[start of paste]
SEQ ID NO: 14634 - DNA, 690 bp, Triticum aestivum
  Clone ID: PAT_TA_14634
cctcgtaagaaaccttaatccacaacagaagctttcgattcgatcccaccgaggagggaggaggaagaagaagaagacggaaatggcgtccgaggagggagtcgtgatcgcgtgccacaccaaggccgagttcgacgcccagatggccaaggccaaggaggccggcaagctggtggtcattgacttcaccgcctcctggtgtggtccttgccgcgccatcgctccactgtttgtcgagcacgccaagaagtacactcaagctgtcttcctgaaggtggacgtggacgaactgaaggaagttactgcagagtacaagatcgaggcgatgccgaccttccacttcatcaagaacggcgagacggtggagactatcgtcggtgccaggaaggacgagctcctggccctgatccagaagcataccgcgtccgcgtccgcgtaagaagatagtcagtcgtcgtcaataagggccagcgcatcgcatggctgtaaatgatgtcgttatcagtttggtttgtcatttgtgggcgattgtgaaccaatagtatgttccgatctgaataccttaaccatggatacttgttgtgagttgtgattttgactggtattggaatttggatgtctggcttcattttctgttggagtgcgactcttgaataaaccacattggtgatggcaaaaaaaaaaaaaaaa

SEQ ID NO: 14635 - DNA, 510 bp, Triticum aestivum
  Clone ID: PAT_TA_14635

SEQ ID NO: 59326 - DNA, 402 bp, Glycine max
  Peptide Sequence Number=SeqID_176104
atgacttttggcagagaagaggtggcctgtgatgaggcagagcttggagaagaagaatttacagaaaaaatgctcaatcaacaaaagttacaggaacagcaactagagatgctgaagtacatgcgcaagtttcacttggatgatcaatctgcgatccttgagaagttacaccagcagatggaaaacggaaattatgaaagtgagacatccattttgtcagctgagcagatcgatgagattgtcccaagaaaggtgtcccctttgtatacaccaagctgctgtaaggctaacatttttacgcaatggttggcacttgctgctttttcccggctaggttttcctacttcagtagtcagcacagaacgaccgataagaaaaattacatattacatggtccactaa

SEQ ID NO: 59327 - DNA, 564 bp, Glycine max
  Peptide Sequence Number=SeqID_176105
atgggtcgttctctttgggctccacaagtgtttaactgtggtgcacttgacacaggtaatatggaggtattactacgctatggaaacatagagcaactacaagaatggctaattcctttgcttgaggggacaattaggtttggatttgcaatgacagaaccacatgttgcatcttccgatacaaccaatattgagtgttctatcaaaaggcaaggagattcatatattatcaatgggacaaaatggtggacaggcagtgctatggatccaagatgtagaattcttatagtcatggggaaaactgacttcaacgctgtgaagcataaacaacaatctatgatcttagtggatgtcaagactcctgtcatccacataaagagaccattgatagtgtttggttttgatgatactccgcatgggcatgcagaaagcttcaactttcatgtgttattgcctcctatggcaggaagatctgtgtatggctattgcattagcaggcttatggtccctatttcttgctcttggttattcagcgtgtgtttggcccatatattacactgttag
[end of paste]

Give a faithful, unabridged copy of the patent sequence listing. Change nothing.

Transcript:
SEQ ID NO: 14634 - DNA, 690 bp, Triticum aestivum
  Clone ID: PAT_TA_14634
cctcgtaagaaaccttaatccacaacagaagctttcgattcgatcccaccgaggagggaggaggaagaagaagaagacggaaatggcgtccgaggagggagtcgtgatcgcgtgccacaccaaggccgagttcgacgcccagatggccaaggccaaggaggccggcaagctggtggtcattgacttcaccgcctcctggtgtggtccttgccgcgccatcgctccactgtttgtcgagcacgccaagaagtacactcaagctgtcttcctgaaggtggacgtggacgaactgaaggaagttactgcagagtacaagatcgaggcgatgccgaccttccacttcatcaagaacggcgagacggtggagactatcgtcggtgccaggaaggacgagctcctggccctgatccagaagcataccgcgtccgcgtccgcgtaagaagatagtcagtcgtcgtcaataagggccagcgcatcgcatggctgtaaatgatgtcgttatcagtttggtttgtcatttgtgggcgattgtgaaccaatagtatgttccgatctgaataccttaaccatggatacttgttgtgagttgtgattttgactggtattggaatttggatgtctggcttcattttctgttggagtgcgactcttgaataaaccacattggtgatggcaaaaaaaaaaaaaaaa

SEQ ID NO: 14635 - DNA, 510 bp, Triticum aestivum
  Clone ID: PAT_TA_14635

SEQ ID NO: 59326 - DNA, 402 bp, Glycine max
  Peptide Sequence Number=SeqID_176104
atgacttttggcagagaagaggtggcctgtgatgaggcagagcttggagaagaagaatttacagaaaaaatgctcaatcaacaaaagttacaggaacagcaactagagatgctgaagtacatgcgcaagtttcacttggatgatcaatctgcgatccttgagaagttacaccagcagatggaaaacggaaattatgaaagtgagacatccattttgtcagctgagcagatcgatgagattgtcccaagaaaggtgtcccctttgtatacaccaagctgctgtaaggctaacatttttacgcaatggttggcacttgctgctttttcccggctaggttttcctacttcagtagtcagcacagaacgaccgataagaaaaattacatattacatggtccactaa

SEQ ID NO: 59327 - DNA, 564 bp, Glycine max
  Peptide Sequence Number=SeqID_176105
atgggtcgttctctttgggctccacaagtgtttaactgtggtgcacttgacacaggtaatatggaggtattactacgctatggaaacatagagcaactacaagaatggctaattcctttgcttgaggggacaattaggtttggatttgcaatgacagaaccacatgttgcatcttccgatacaaccaatattgagtgttctatcaaaaggcaaggagattcatatattatcaatgggacaaaatggtggacaggcagtgctatggatccaagatgtagaattcttatagtcatggggaaaactgacttcaacgctgtgaagcataaacaacaatctatgatcttagtggatgtcaagactcctgtcatccacataaagagaccattgatagtgtttggttttgatgatactccgcatgggcatgcagaaagcttcaactttcatgtgttattgcctcctatggcaggaagatctgtgtatggctattgcattagcaggcttatggtccctatttcttgctcttggttattcagcgtgtgtttggcccatatattacactgttag